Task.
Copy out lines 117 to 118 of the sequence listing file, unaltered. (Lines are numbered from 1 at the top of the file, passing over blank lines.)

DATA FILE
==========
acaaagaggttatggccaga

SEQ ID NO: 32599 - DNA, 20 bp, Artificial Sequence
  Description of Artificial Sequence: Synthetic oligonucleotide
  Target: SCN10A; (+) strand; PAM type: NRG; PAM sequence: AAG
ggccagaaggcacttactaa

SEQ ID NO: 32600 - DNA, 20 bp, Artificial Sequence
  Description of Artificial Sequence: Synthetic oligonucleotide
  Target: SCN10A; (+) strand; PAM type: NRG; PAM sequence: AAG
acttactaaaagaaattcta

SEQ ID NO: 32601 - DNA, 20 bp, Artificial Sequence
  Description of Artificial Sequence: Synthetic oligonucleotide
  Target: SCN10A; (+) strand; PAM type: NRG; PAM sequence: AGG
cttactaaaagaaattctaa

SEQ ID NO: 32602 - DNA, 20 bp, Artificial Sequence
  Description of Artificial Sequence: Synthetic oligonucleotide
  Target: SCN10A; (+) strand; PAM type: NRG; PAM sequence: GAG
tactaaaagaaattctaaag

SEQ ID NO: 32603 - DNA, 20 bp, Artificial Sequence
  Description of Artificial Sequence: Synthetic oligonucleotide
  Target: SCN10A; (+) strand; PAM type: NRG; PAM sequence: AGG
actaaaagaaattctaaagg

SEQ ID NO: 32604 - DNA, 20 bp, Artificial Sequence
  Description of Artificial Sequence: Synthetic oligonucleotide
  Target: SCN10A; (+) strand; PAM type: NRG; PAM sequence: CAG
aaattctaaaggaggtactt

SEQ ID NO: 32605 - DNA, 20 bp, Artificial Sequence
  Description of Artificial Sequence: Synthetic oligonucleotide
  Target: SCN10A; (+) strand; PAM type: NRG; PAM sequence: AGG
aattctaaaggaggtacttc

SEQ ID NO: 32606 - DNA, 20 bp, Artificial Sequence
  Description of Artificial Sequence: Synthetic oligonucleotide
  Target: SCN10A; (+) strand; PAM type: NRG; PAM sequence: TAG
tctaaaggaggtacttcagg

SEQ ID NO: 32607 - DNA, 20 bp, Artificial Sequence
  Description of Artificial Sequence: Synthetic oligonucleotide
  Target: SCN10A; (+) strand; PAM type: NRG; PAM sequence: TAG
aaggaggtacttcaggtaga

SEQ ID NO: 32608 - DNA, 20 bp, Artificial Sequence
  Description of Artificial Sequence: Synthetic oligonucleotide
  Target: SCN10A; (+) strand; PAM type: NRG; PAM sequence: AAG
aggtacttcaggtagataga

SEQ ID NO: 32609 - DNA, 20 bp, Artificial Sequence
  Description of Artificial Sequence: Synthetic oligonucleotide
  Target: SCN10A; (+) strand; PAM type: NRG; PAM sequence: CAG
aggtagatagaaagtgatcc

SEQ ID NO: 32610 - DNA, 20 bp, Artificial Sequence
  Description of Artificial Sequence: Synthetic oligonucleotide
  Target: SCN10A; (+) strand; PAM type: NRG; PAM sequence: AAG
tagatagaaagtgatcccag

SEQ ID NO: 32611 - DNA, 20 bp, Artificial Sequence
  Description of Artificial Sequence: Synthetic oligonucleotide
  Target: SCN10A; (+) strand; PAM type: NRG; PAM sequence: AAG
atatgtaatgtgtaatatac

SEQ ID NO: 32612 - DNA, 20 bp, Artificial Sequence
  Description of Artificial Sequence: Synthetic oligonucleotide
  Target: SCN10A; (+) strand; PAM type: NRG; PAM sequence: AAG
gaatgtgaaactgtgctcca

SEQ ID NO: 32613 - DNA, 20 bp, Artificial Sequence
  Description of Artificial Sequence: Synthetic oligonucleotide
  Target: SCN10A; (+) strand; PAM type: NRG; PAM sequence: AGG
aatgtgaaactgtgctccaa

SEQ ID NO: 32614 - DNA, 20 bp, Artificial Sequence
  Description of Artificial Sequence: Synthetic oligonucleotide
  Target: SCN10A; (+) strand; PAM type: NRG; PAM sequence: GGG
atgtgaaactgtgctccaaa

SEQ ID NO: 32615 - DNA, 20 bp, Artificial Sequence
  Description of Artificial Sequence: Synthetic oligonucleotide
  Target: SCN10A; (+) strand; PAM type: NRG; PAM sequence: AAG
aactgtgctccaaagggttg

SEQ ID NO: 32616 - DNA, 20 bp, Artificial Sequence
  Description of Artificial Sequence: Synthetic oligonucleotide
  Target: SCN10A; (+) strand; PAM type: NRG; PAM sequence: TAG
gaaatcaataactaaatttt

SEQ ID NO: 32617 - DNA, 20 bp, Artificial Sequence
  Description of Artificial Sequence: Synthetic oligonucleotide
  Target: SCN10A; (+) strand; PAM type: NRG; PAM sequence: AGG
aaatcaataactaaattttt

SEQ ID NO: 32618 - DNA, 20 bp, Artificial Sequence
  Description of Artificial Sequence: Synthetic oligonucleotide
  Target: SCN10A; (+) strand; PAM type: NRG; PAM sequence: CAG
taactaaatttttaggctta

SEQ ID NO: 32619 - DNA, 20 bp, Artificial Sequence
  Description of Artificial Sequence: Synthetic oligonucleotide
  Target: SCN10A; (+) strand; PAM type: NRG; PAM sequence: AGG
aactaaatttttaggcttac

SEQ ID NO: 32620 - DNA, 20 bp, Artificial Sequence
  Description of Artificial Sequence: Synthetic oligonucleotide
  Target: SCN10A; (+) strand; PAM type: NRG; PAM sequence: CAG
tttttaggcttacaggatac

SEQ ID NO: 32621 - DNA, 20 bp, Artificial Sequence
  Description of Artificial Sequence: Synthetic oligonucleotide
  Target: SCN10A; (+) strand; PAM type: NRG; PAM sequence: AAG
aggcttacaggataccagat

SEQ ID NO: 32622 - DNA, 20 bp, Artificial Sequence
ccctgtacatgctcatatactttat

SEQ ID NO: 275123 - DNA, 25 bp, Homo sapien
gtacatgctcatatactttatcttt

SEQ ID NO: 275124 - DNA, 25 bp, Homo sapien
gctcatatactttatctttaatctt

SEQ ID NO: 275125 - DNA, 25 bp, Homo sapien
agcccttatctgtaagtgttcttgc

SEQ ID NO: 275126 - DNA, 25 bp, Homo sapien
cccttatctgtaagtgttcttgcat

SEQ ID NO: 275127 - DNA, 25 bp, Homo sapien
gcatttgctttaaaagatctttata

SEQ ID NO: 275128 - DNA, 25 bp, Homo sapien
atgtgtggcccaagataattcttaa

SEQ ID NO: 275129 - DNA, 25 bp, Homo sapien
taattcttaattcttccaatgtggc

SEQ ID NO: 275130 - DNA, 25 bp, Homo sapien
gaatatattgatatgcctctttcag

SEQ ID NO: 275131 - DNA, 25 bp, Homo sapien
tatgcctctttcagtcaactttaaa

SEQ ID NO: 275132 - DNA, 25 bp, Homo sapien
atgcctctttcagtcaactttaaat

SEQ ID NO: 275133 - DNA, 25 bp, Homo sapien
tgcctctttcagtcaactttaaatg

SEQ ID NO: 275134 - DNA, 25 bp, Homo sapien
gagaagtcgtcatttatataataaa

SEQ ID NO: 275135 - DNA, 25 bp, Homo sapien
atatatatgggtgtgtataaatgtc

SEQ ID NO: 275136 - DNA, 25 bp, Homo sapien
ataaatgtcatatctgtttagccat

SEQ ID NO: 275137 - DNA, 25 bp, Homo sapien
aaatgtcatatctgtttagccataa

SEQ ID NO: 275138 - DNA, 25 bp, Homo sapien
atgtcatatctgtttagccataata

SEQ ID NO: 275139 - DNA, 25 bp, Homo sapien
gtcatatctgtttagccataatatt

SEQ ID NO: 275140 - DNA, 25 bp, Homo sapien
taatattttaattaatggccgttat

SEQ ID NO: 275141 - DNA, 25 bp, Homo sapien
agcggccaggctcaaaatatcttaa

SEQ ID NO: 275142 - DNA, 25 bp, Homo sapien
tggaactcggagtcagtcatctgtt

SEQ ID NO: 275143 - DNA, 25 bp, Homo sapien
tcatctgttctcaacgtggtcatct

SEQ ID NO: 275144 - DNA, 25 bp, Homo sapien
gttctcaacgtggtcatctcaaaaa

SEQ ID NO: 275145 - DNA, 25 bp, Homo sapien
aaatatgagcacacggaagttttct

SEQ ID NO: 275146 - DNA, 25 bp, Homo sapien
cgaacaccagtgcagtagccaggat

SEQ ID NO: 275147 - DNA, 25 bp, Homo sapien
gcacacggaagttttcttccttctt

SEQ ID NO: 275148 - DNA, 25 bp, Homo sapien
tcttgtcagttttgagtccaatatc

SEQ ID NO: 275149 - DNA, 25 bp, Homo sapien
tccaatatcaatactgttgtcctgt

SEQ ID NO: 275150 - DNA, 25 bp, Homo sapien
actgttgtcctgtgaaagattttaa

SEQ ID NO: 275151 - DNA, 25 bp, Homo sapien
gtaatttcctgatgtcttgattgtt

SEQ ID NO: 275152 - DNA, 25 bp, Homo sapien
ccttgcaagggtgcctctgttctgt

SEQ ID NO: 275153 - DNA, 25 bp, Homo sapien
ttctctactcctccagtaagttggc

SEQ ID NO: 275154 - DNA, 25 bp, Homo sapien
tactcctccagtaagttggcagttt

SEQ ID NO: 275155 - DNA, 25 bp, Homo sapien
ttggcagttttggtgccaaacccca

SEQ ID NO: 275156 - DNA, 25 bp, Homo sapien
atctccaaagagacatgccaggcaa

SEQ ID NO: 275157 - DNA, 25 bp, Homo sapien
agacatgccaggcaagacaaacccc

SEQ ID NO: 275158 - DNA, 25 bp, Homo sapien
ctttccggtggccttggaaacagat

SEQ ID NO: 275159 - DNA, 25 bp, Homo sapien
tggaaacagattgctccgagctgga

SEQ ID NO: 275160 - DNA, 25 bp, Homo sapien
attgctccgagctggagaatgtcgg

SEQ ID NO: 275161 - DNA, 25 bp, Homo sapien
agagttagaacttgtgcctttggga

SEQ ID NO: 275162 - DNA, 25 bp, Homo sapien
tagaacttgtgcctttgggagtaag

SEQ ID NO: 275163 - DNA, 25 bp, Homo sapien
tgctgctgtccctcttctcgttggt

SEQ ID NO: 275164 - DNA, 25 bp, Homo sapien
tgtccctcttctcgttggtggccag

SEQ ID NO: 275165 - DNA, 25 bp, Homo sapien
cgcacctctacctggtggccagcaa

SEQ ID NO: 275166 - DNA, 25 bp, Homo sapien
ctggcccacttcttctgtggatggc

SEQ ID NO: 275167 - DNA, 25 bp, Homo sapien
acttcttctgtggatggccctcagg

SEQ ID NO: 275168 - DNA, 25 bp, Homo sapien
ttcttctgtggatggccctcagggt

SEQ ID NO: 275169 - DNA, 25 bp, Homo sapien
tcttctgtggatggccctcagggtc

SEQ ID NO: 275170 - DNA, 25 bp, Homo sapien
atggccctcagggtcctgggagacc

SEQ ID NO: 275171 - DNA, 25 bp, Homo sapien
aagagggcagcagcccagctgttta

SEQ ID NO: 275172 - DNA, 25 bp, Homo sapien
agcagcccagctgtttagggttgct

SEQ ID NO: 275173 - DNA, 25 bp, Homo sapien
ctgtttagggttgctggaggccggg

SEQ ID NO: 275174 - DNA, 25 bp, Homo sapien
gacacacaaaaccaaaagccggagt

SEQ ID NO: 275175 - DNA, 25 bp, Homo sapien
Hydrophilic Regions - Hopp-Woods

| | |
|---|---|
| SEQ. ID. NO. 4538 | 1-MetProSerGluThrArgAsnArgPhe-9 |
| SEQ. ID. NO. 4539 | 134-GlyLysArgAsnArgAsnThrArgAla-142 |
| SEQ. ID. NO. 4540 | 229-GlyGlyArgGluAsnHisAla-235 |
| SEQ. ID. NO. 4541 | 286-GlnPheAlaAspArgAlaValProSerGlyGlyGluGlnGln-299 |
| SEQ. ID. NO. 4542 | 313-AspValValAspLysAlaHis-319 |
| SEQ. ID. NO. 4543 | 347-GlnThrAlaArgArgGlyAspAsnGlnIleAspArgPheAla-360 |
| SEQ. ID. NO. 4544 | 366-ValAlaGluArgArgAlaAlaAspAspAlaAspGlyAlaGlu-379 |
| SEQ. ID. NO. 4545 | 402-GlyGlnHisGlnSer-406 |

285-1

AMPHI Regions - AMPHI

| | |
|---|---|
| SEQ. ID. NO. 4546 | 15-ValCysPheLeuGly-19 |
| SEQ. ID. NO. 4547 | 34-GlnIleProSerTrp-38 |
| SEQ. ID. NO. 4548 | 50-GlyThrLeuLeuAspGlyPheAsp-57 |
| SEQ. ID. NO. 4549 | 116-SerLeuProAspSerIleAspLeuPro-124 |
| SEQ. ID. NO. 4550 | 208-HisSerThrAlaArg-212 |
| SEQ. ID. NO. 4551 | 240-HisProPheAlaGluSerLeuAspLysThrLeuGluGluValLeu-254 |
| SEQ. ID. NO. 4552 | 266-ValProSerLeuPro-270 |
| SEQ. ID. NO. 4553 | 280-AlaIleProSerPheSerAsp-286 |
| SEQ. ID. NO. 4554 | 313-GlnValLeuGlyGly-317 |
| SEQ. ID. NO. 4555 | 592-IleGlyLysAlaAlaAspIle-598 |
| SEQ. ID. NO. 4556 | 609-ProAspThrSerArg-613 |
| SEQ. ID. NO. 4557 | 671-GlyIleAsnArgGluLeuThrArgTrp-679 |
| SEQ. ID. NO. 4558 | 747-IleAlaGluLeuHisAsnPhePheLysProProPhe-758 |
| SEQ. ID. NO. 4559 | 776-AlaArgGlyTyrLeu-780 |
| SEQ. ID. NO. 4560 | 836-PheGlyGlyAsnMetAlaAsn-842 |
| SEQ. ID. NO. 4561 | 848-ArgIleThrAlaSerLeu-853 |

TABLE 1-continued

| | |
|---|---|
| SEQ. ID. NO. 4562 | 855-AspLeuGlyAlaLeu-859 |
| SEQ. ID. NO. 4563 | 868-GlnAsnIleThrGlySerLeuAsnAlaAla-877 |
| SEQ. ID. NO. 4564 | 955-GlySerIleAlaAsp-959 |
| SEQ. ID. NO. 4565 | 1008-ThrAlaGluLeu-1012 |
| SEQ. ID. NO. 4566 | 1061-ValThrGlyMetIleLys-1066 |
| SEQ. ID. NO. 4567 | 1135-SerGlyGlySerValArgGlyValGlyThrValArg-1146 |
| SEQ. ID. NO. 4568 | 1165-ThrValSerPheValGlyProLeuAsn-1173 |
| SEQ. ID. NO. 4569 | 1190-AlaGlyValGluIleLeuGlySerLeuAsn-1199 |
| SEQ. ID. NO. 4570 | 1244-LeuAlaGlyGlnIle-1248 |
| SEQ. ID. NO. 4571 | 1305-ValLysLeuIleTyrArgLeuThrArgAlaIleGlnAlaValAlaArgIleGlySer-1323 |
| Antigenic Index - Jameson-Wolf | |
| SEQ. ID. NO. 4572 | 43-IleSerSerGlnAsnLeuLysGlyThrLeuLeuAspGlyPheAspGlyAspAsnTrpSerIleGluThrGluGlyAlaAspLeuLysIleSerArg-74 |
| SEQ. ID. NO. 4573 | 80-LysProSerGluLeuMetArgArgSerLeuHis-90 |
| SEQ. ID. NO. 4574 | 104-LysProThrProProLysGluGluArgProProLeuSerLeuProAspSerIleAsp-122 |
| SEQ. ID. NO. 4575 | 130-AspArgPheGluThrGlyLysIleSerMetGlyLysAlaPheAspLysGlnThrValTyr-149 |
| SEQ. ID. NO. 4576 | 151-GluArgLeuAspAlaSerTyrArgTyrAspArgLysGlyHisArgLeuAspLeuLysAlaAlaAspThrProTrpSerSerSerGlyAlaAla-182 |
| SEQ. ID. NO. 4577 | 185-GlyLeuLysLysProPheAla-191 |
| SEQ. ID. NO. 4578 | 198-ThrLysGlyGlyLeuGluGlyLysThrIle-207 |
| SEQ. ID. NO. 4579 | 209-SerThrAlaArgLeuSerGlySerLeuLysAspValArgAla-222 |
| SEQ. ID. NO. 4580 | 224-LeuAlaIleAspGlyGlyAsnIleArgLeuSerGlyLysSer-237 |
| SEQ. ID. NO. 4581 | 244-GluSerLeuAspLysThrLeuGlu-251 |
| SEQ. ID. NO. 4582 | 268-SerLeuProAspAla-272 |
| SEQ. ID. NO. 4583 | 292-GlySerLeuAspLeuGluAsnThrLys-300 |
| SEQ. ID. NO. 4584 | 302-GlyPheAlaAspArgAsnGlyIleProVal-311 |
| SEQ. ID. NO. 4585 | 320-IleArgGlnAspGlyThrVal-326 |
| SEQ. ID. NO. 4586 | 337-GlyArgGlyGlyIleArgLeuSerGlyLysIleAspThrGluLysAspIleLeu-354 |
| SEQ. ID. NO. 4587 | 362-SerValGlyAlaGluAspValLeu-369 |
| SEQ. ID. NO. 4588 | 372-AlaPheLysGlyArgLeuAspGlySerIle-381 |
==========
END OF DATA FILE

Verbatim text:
tgcctctttcagtcaactttaaatg

SEQ ID NO: 275134 - DNA, 25 bp, Homo sapien